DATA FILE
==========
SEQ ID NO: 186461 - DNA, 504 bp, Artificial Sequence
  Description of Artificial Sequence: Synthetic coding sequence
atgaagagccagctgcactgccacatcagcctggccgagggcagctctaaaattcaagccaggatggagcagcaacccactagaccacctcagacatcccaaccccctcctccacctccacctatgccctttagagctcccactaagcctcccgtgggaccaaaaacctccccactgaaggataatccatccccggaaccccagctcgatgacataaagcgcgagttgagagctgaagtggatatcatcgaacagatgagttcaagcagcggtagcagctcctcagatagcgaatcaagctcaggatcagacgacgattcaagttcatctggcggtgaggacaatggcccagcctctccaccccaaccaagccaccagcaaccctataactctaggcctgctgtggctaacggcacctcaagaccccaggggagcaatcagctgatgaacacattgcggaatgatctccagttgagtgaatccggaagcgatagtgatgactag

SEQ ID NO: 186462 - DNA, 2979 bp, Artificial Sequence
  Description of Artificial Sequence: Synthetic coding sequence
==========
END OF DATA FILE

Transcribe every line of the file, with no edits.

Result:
SEQ ID NO: 186461 - DNA, 504 bp, Artificial Sequence
  Description of Artificial Sequence: Synthetic coding sequence
atgaagagccagctgcactgccacatcagcctggccgagggcagctctaaaattcaagccaggatggagcagcaacccactagaccacctcagacatcccaaccccctcctccacctccacctatgccctttagagctcccactaagcctcccgtgggaccaaaaacctccccactgaaggataatccatccccggaaccccagctcgatgacataaagcgcgagttgagagctgaagtggatatcatcgaacagatgagttcaagcagcggtagcagctcctcagatagcgaatcaagctcaggatcagacgacgattcaagttcatctggcggtgaggacaatggcccagcctctccaccccaaccaagccaccagcaaccctataactctaggcctgctgtggctaacggcacctcaagaccccaggggagcaatcagctgatgaacacattgcggaatgatctccagttgagtgaatccggaagcgatagtgatgactag

SEQ ID NO: 186462 - DNA, 2979 bp, Artificial Sequence
  Description of Artificial Sequence: Synthetic coding sequence